David Hume’s Balancing Act: The Political Discourses and the Sinews of War
By Danielle Charette in American Political Science Review
Keywords: Balance of Power, David Hume, neorealism, IPE
Both champions and critics of “neorealism” in contemporary international relations misinterpret David Hume as an early spokesman for a universal and scientific balance-of-power theory. This article instead treats Hume’s “Of the Balance of Power,” alongside the other essays in his Political Discourses (1752), as conceptual resources for a historically inflected analysis of state balancing. Hume’s defense of the balance of power cannot be divorced from his critique of commercial warfare in “Of the Balance of Trade” and “Of the Jealousy of Trade.” To better appreciate Hume’s historical and economic approach to foreign policy, this article places Hume in conversation with Machiavelli, Guicciardini, Andrew Fletcher, and Montesquieu. International relations scholars suspicious of static paradigms should reconsider Hume’s genealogy of the balance of power, which differs from the standard liberal and neorealist accounts. Well before International Political Economy developed as a formal subdiscipline, Hume was conceptually treating economics and power politics in tandem.
Carl von Clausewitz and his Philosophy of War: The Evolution of a Reputation, 1831–2021
By R. Gerald Hughes in History
Keywords: Clausewitz, history of thought
This article is concerned with the evolution of the reputation of the Prussian soldier and philosopher of war, Carl von Clausewitz (1780–1831). It examines developments in debates about the reception, and relevance, of Clausewitz’s work for strategic thought in both the historical and contemporary contexts. This article takes note of many of the misperceptions and misinterpretations directed at Clausewitz’s work since his death. It argues that much of the criticism directed at Clausewitz is rooted in a visceral dislike of past proponents of Clausewitz for their aggressive and militaristic policies. An appreciation of this history is nevertheless useful for facilitating accurate interpretations of Clausewitz’s work. Finally, the article argues that the notion of Clausewitz as advocate of militarism and aggressive war has been largely discredited. Indeed, in today’s Federal Republic of Germany, the reformers masterminding the Wars of Liberation against Napoleon, of whom Clausewitz was one, and the resistance involved in the bomb plot of 20 July 1944, have now come to represent a useable historical tradition.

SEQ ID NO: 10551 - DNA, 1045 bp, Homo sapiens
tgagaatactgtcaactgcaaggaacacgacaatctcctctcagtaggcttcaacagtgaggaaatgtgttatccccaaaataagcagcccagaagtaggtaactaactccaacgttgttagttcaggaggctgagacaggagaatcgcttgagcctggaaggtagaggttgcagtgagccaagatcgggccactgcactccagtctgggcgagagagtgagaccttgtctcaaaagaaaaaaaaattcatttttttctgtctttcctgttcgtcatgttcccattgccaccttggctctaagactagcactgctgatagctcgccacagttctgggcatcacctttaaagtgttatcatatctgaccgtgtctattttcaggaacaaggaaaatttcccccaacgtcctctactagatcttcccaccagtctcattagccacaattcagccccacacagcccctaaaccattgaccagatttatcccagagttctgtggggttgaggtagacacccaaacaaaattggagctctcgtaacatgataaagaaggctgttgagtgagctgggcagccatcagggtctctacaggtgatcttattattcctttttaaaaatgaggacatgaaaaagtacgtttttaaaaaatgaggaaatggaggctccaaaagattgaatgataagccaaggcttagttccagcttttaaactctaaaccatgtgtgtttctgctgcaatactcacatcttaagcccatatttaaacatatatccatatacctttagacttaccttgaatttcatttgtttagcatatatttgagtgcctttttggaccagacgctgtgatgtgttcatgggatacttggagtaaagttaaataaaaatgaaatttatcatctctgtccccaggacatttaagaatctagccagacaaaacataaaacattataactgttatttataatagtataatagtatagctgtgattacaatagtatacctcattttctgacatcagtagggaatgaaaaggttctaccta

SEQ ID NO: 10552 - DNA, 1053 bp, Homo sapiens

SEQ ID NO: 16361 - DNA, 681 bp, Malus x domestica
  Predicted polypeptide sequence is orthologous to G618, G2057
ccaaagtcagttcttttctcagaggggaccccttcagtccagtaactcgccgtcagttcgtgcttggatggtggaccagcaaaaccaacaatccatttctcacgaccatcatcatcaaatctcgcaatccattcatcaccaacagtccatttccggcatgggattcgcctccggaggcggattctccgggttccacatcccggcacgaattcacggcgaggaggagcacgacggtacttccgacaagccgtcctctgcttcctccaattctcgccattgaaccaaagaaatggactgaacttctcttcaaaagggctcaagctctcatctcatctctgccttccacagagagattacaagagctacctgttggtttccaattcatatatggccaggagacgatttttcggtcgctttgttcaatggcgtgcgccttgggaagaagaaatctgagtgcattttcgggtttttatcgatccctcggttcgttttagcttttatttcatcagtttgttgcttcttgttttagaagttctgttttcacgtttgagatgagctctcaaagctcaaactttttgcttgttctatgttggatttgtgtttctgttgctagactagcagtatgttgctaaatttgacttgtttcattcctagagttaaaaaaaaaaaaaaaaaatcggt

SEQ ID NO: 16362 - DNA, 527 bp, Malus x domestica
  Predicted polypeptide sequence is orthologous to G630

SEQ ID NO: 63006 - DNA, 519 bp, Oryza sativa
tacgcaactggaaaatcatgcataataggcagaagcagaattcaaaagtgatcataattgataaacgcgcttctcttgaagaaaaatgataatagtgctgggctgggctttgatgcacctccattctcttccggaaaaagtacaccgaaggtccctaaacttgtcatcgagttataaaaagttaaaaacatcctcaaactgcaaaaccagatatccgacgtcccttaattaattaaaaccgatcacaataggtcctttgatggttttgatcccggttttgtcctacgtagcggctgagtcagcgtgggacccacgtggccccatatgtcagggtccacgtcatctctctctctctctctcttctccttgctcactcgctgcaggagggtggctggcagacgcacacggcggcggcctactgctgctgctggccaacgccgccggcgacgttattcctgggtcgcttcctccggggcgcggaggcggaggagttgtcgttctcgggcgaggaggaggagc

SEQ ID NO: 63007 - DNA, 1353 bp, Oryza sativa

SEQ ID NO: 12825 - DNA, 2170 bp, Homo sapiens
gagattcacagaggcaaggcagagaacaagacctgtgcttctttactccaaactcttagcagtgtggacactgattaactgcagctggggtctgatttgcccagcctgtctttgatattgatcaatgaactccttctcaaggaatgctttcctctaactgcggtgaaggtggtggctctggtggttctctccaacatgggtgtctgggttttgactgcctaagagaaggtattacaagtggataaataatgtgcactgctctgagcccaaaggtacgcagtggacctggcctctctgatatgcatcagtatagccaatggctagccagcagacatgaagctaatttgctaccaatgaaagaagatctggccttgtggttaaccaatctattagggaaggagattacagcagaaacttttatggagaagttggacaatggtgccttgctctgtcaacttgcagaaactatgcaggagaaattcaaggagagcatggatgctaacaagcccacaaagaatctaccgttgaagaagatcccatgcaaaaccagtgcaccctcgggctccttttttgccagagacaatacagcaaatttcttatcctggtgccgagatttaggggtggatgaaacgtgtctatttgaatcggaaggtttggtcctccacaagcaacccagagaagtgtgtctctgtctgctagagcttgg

Security implications of climate change: A decade of scientific progress
By Nina von Uexkull and Halvard Buhaug in Journal of Peace Research
Keywords: armed conflict, climate change, literature review, special issue
The study of security implications of climate change has developed rapidly from a nascent area of academic inquiry into an important and thriving research field that traverses epistemological and disciplinary boundaries. Here, we take stock of scientific progress by benchmarking the latest decade of empirical research against seven core research priorities collectively emphasized in 35 recent literature reviews. On the basis of this evaluation, we discuss key contributions of this special issue. Overall, we find that the research community has made important strides in specifying and evaluating plausible indirect causal pathways between climatic conditions and a wide set of conflict-related outcomes and the scope conditions that shape this relationship. Contributions to this special issue push the research frontier further along these lines. Jointly, they demonstrate significant climate impacts on social unrest in urban settings; they point to the complexity of the climate–migration–unrest link; they identify how agricultural production patterns shape conflict risk; they investigate understudied outcomes in relation to climate change, such as interstate claims and individual trust; and they discuss the relevance of this research for user groups across academia and beyond. We find that the long-term implications of gradual climate change and conflict potential of policy responses are important remaining research gaps that should guide future research.